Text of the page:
Immigrants seeking asylum in the United States by entering through Mexico could be required to wait south of the border while USA courts assess their cases, a member of the incoming Mexican government said in an interview published Saturday.
Sanchez was quoted by the paper as saying that Mexico would allow asylum seekers to stay in the country as a "short-term solution".
But her office later issued a statement saying: "There is no agreement of any type between the future federal government of Mexico and that of the United States of America".
Trump said on Twitter late Saturday that migrants at the border wouldn't be allowed into the US until their claims were heard in court, a process is usually lengthy.
In yesterday's "Caravan update" I observed that we have here a test of wills between President Trump and the supporters of invasion.
Their comments came on the back of a report in The Washington Post, which claimed Mexico and the U.S. had agreed on a deal named Remain in Mexico.
The possible deal shows that the Trump administration has, is about to, overcome Mexico's historic reticence to deepen cooperation with the USA on an issue widely seen there as America's problem.
Stephanie Leutert, director of the Mexico Security Initiative at the University of Texas at Austin, told AP the Remain in Mexico plan is part of a strategy to take away the ability of migrants to live and work in the USA while cases are processed.
The deal was seen as a way to dissuade thousands of Central American migrants from seeking asylum in the USA, a process that can take years.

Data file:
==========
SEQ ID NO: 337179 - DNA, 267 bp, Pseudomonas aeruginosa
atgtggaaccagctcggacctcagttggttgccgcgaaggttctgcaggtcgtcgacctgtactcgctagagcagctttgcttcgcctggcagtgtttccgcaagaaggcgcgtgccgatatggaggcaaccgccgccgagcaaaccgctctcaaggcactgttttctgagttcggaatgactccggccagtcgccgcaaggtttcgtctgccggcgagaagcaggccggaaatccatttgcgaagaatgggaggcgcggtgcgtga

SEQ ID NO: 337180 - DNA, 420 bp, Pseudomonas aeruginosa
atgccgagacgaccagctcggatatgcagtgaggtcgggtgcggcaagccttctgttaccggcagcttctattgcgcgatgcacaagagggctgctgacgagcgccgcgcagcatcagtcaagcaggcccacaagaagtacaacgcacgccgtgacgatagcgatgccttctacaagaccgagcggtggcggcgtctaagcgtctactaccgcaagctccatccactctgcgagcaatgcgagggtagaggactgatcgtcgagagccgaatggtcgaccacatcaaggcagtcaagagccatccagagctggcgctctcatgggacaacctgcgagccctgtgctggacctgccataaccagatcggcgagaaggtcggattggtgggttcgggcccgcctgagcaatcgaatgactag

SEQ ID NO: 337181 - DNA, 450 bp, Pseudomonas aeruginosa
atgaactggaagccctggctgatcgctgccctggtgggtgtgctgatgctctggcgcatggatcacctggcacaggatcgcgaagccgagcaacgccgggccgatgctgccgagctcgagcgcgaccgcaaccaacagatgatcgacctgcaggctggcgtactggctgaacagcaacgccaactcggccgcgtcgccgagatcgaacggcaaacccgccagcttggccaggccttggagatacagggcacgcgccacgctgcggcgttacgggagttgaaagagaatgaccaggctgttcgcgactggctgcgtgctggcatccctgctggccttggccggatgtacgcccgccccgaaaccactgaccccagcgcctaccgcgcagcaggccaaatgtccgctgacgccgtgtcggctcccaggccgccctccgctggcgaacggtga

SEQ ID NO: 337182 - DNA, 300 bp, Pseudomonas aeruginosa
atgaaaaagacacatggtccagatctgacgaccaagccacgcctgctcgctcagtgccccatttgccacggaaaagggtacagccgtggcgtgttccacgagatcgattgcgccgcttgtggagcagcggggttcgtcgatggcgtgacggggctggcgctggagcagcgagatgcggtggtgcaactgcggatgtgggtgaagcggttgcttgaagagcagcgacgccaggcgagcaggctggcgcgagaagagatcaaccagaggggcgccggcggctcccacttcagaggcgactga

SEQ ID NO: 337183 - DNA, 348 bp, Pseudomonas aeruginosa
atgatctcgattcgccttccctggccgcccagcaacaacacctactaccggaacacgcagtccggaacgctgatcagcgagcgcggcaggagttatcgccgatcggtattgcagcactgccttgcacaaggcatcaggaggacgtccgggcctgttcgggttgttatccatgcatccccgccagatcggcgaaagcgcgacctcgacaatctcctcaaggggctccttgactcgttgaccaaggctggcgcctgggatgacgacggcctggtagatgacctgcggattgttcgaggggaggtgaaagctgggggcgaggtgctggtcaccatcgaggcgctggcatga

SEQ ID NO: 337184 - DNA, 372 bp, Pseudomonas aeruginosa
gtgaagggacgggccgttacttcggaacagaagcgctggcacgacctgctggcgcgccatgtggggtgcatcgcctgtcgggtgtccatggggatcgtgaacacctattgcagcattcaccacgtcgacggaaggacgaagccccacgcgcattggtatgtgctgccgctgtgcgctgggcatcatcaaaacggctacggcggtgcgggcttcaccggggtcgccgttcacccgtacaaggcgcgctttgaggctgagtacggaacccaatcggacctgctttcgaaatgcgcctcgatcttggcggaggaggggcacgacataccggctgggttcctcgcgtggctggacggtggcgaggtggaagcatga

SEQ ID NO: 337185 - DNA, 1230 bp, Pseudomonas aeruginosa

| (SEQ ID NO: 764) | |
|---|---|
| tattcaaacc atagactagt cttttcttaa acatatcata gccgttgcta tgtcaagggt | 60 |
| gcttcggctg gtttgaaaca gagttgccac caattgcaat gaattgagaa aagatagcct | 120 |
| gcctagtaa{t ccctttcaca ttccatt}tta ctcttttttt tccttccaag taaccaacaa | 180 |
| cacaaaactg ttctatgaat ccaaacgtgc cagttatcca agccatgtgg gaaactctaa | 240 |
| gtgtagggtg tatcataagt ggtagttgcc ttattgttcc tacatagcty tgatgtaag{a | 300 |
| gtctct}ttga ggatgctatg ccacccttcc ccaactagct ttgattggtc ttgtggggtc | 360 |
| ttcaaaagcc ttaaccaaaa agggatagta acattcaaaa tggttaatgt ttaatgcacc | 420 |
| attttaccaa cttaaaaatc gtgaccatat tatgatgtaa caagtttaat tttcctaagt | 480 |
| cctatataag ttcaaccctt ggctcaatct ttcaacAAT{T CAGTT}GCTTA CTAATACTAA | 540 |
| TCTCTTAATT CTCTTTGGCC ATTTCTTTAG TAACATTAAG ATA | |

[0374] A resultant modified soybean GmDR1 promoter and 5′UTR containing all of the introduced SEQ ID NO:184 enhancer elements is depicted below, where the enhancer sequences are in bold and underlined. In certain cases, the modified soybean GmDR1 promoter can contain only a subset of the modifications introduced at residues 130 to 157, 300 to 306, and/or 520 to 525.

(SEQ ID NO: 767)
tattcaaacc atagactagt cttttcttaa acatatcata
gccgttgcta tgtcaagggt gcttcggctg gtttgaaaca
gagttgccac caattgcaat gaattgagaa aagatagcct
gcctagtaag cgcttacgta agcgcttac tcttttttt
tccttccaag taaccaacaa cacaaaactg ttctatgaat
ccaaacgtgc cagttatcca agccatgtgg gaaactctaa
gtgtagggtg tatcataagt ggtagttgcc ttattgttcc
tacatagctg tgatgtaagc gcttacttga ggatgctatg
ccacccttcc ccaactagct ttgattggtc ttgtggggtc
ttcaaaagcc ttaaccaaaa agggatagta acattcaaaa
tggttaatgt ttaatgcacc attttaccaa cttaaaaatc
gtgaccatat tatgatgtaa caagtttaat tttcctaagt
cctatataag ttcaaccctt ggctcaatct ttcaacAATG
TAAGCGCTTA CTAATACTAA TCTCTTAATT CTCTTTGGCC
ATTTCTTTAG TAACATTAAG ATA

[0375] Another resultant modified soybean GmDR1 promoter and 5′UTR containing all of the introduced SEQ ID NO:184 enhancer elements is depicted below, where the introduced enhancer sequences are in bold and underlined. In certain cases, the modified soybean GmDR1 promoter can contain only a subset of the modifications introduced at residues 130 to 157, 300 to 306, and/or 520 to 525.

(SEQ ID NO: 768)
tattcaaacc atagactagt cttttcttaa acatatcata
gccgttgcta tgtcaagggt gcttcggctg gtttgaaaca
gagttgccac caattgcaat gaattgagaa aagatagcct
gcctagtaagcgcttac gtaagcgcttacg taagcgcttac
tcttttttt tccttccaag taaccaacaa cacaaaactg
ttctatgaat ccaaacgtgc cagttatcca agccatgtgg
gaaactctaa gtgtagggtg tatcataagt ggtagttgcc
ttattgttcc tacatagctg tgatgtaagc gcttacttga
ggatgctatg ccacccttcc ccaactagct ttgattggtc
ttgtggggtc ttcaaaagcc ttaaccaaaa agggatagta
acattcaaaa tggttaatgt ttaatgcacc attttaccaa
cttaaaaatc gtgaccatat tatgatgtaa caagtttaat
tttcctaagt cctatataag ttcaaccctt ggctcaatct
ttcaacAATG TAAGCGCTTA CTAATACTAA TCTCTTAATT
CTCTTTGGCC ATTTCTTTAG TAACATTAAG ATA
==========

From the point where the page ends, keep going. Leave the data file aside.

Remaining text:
Sanchez, who said the situation of migrant caravans was "very delicate", did not explicitly rule out that Mexico could keep caravan migrants on its soil while their USA asylum claims are processed.
Hundreds of the migrants lined up this week at a special jobs fair set up for them in the manufacturing city, but others remain determined to reach the US.
Tijuana has declared a humanitarian crisis and requested United Nations assistance as it struggles to support 5,000 migrants mostly camped in a sports complex in the city as they wait to speak to U.S. officials.
Ms Robledo said the incoming government wanted to find jobs for Central American migrants in sectors that are short-staffed, such as maquila assembly plants.
The deal, which would overhaul U.S. border policy, comes with Trump outraged over the presence of thousands of Central American migrants who marched to Mexico's border city of Tijuana hoping to enter the United States for a better life free from the poverty and gang violence in their homelands.
But Mr Ebrard, who will become foreign minister in December after Andres Manuel Lopez Obrador's administration takes power, said the United States had yet to even send "a specific proposal" on how to deal with the issue.
His tweets were interpreted as possible confirmation of the alleged deal between the US and Obrador's administration.
The migrants say they are fleeing poverty and violence in their homelands.
He also gave thanks to - who else?